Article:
Jury didn’t buy drug doctor’s story that he was set up

Johnny Benjamin, the former Vero Beach spine surgeon recently convicted on federal drug charges, told the jury that convicted him he believes he was set up.

The jurors clearly didn’t buy it.

According to court transcripts obtained by Vero Beach 32963, the once-respected doctor who is now facing life in prison denied knowing the drugs found in his baggage at the Melbourne airport last year were supposed to be oxycodone.

Someone must have planted them, he testified under oath at his trial last month. The doctor, who has since been stripped of his medical license, pointed the finger at Zachary Stewart, his co-defendant and longtime friend turned medical sales associate.

Stewart, along with Kevan Slater, the third co-defendant in the case, were the first suspects linked to the fentanyl-laced painkillers found at the scene of a Palm Beach County woman’s 2016 overdose death.

Both men took plea deals in exchange for consideration of leniency at sentencing and helped federal agents build a case against the doctor.

Benjamin, investigators say, was the source of illicit pills being sold throughout the Treasure Coast. He was a man who abused his privilege and profession for monetary gain with little regard for human life.

The doctor, however, maintained his innocence and testified at his trial last month. He was then convicted on five of the seven felony counts against him, including conspiracy to distribute a controlled substance resulting in death. He remains in federal custody and is set to be sentenced in July.

In his testimony, Benjamin had an explanation for every piece of evidence used against him.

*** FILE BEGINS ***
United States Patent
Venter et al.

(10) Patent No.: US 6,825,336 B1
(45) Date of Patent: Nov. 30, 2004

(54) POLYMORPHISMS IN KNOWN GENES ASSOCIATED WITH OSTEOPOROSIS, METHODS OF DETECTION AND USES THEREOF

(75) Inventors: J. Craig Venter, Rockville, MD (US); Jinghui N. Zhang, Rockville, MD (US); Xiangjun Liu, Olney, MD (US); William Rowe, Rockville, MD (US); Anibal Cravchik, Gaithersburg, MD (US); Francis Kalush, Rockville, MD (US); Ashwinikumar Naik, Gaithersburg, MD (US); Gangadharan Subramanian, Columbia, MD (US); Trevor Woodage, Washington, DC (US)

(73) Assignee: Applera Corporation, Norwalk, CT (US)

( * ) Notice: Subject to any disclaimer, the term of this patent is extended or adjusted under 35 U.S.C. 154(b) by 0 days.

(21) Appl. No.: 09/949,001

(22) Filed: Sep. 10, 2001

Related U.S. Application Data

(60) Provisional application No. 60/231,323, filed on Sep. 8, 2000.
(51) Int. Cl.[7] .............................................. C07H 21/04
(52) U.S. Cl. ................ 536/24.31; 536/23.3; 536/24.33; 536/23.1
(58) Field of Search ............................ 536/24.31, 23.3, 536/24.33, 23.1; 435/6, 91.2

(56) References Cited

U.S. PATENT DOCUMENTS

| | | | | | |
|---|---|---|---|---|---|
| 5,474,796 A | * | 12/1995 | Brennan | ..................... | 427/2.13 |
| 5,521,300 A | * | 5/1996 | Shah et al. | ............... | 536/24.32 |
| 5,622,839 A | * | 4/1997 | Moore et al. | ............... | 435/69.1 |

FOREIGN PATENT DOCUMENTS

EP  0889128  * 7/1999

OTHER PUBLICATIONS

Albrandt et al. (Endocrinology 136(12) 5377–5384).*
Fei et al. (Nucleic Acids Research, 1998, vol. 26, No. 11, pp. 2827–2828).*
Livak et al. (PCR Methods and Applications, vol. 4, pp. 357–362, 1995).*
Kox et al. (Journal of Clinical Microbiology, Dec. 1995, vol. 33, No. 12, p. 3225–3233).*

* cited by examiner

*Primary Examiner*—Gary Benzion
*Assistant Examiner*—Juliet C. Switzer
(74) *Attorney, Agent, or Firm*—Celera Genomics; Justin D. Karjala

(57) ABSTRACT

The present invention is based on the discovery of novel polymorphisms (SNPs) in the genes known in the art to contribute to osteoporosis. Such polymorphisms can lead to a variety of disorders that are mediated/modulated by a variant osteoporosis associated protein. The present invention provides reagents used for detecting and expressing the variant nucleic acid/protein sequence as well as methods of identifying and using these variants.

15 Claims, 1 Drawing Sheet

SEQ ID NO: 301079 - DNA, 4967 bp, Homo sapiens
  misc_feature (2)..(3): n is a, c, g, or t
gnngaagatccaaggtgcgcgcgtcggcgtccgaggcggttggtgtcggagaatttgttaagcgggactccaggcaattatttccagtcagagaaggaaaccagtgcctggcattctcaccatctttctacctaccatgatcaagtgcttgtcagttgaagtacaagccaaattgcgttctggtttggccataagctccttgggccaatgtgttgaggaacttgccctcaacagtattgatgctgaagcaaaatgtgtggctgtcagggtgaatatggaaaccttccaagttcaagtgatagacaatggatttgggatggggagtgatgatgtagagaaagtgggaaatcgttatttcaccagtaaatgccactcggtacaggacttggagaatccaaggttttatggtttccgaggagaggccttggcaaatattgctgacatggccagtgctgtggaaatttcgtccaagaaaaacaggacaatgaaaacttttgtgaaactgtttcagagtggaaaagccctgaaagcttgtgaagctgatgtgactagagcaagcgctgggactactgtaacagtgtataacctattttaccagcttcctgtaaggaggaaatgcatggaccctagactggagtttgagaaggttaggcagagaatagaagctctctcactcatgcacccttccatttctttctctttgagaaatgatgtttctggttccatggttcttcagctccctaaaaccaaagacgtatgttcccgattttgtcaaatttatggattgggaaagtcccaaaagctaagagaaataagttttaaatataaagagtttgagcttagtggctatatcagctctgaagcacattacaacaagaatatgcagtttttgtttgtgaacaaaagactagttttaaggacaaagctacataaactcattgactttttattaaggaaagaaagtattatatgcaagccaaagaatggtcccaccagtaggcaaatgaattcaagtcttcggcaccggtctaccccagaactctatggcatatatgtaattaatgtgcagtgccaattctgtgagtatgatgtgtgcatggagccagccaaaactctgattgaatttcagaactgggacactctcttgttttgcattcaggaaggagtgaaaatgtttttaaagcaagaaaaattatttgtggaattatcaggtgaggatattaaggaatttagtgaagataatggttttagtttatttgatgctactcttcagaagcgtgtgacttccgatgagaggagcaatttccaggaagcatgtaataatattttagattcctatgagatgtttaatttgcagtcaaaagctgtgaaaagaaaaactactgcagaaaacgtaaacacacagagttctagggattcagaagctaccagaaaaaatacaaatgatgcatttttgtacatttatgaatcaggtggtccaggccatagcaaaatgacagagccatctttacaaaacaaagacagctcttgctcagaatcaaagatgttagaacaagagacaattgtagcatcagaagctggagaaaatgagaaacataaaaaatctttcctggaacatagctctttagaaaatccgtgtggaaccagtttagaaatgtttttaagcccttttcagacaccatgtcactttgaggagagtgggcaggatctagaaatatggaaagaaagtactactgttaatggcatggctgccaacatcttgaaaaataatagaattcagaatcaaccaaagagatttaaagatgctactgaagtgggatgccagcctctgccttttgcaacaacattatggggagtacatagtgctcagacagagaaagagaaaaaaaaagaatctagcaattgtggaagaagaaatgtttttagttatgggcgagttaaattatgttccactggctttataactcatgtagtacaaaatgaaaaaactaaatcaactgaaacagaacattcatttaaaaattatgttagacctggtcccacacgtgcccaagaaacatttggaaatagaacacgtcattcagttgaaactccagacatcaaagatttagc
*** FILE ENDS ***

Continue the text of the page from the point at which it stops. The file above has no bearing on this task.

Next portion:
The U.S. Drug Enforcement Agency secretly recorded video of Benjamin and Stewart outside the ProSpine Center Clinic in Vero Beach.

That footage shows the doctor taking thousands of counterfeit oxycodone tablets and putting them in the trunk of his car, investigators claim. But the brown bag Benjamin is seen putting in the trunk of his car was filled with snack cakes, not tablets, the doctor explained.

Benjamin also denied it was his voice on a phone call taped by agents with DEA in which Stewart and another man – allegedly Benjamin – discuss the overdose death and the sale of the potent, addictive narcotics.

“That is an approximation of my voice, but that’s not a conversation I ever had,” Benjamin told jurors from the witness stand.

During his testimony Benjamin went to great lengths explaining his self-prescribed throat cancer treatment – the medication he said he thought was in his bag at the airport.

Shortly after his 35th birthday Benjamin went through six weeks of radiation treatment, but then decided to take his care into his own hands, he said.

He uses drugs, which typically are administered intravenously, in pill form. He crushes the tablets and gargles with them to target his throat directly, or he blends the potent cocktail inside an antioxidant-rich shake.

Benjamin said he developed his own treatment after radiation nearly killed him. He said he did not want the people in his community to know about his illness.

The guns that investigators found in his safe were a hobby and means of personal protection. They had nothing to do with the illicit drug trade, he said.

“Were all those guns to protect you from the drug bad guys that were gonna kick in your door and rob you of your drug profits?” the prosecutor asked during cross examination.

“No, sir,” Benjamin responded. “We, fortunately, don’t have any drug bad guys in Vero Beach.”

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